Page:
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The Best of Our Knowledge host Bob Barrett chats with Ira Flatow
Michael Spooneybarger / CREO

Back in the early 1970s, a new network called National Public Radio hired a young producer out of college who had two special interests: baseball and science. And since the network didn’t plan on doing much sports coverage, he finally got on the air with that other topic.

Today on the Best Of Our Knowledge, I sit down with Ira Flatow, the person who founded NPR’s Science Unit and the host of the weekly public radio program Science Friday.

We’ll also spend an academic minute with the millions of cells in your body that don’t really belong to your body…your microbiome.

  From the beloved host and creator of NPR’s All Songs Considered and Tiny Desk Concerts comes an essential oral history of modern music, told in the voices of iconic and up-and-coming musicians, including Dave Grohl, Jimmy Page, Michael Stipe, Carrie Brownstein, Smokey Robinson, and Jeff Tweedy, among others—published in association with NPR Music.

Is there a unforgettable song that changed your life?

NPR’s renowned music authority Bob Boilen posed this question to some of today’s best-loved musical legends and rising stars.

  In his new book, A Nation Of Nations: A Great American Immigration Story, veteran NPR correspondent  Tom Gjelten assesses the impact and importance of the 1965 Immigration and Naturalization Act by interweaving the story a handful of immigrant families with the history and analysis of the immigration changes in America as a whole. The fiftieth anniversary of the 1965 act is this month and immigration continues to be a hot button issue in American politics.

Tom Gjelten is a long time NPR news correspondent, he's covered wars in Central America, the Middle East, and the former Yugoslavia, as well as major national stories in the United States. His NPR reporting has won him two Overseas Press Club Awards, a George Polk Award, and a Robert F. Kennedy Journalism Award. 

Doby Photography /NPR

Our guest Ari Shapiro has been a frequent voice on WAMC's airwaves as an NPR correspondent for years. He spent four years covering the White House and five as Justice Correspondent; in fact, he was once an intern for NPR's Legal Affairs Correspondent Nina Totenberg. Now, he is on to his next job, and it's his highest-profile gig yet: anchor of All Things Considered, which airs on WAMC weekdays 4-6 p.m.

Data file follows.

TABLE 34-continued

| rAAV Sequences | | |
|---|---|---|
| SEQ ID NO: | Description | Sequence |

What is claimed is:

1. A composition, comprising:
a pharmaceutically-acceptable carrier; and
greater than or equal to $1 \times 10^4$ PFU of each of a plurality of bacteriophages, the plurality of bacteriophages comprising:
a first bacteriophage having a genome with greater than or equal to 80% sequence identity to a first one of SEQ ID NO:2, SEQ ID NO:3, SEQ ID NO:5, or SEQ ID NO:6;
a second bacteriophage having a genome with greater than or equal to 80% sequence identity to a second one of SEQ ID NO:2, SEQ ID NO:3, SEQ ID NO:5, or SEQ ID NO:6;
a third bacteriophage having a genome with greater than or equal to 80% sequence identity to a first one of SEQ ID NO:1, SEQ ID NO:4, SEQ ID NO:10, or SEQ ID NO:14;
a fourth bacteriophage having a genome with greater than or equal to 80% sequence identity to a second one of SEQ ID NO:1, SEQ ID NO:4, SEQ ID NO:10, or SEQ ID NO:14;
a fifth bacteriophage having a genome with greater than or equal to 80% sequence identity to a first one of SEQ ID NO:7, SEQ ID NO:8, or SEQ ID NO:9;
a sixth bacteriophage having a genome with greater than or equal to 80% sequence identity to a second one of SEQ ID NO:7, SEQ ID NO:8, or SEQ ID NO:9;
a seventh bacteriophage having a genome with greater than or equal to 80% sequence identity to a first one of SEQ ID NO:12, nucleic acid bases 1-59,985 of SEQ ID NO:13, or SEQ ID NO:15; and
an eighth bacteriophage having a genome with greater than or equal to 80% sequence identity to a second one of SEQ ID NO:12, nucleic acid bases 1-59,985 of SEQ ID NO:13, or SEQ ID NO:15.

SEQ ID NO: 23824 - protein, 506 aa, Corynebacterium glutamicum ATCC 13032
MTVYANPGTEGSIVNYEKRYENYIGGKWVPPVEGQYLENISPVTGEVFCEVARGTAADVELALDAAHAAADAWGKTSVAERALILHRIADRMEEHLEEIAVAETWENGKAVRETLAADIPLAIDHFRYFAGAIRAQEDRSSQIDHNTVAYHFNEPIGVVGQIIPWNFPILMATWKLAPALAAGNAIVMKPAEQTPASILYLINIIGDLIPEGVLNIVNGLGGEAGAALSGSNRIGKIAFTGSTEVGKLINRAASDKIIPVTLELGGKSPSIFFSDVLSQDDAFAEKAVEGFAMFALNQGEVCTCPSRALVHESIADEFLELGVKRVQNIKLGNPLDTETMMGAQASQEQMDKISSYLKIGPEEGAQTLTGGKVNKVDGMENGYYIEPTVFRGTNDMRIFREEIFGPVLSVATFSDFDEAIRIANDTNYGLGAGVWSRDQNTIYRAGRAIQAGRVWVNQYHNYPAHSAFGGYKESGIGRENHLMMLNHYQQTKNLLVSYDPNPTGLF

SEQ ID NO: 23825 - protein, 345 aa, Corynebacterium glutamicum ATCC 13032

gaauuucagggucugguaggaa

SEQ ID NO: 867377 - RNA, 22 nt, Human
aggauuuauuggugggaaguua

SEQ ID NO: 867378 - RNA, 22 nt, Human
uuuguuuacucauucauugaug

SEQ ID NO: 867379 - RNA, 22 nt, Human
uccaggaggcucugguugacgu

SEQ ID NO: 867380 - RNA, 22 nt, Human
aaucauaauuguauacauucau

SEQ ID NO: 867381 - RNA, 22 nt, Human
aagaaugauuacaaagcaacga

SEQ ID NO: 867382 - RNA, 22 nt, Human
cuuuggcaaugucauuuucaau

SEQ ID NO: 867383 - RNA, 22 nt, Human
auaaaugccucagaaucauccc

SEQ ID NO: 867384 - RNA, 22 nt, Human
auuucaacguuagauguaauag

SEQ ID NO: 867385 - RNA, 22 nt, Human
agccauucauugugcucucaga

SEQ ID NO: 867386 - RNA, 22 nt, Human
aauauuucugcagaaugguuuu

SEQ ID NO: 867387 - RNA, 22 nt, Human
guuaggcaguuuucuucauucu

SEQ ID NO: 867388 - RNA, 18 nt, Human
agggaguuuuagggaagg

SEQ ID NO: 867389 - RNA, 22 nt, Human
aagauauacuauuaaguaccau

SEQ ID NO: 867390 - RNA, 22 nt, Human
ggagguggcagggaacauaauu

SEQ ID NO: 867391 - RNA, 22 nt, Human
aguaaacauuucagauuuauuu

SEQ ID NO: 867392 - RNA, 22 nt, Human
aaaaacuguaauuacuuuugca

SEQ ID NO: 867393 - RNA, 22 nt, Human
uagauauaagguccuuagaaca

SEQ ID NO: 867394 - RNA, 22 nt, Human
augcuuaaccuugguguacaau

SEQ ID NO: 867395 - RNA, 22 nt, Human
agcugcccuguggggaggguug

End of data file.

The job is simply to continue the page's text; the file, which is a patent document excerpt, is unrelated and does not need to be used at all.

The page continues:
Tomorrow evening in the Recital Hall at the University at Albany, Morning Edition host David Greene and NPR reporter Yuki Noguchi will co-host an NPR Family Matters event, presented by WAMC and WMHT.

Together with Michelle Singletary, a nationally-syndicated personal finance columnist for The Washington Post, and financial planner Louis Barajas [lew-iss buh rah hass], they’ll tackle a number of topics, like paying for college, buying a home and saving for retirement. The event is free and open to the public.

On October 15th NPR's Morning Edition Host David Greene and NPR reporter Yuki Noguchi will be in Albany with Michelle Singletary, a nationally syndicated personal finance columnist for the Washington Post, and financial planner Louis Barajas for a conversation about personal finance. It is part of NPR's Family Matters Series.

They will tackle a number of topics like paying for college, buying a house, and paying for retirement. All of this happens October 15th at the University at Albany Recital Hall.

Kainaz Amaria

NPR’s Guy Raz has been a frequent presence on these airwaves for a decade and a half, working as the network’s youngest ever foreign correspondent, the host of weekend All Things Considered, and his current gig at the helm of the TED Radio Hour.

Peter A. Smith Photography/NPR

WAMC listeners noticed a new voice on the air in September when Arun Rath took over the host’s chair at NPR’s Weekend All Things Considered, which is now broadcasting from NPR West in Culver City, Calif.

    Award-winning journalist, current NPR host and special correspondent, and former co-host of NPR's newsmagazine All Things Considered, as well as Best Selling Author and creator of The Race Card Project, Michele Norris comes to Bard College at Simon's Rock to discuss her work and offer her perspective on tackling complex conversations and having meaningful dialogue about race and diversity.

Michele Norris is an award-winning journalist with more than two decades of experience. She is currently a host and special correspondent for NPR. Previously, Norris served as co-host of NPR's newsmagazine All Things Considered, public radio's longest-running national program, with Robert Siegel and Melissa Block.

In September, 2010, Norris released her first book, The Grace of Silence: A Memoir, which focuses on how America talks about race in the wake of Barack Obama's presidential election, and explores her own family's racial legacy.

3/14/13 - Panel

Mar 14, 2013

  Today's panelists are Dr. Alan Chartock, Assistant Professor of Journalism at the University at Albany, Rosemary Armao, and WAMC Morning Edition host, David Guistina.

This morning our discussion topics include:
1. Pope Francis I
2. Shooting in Herkimer
3. NPR for younger listeners
4. H&R Block Filing Error

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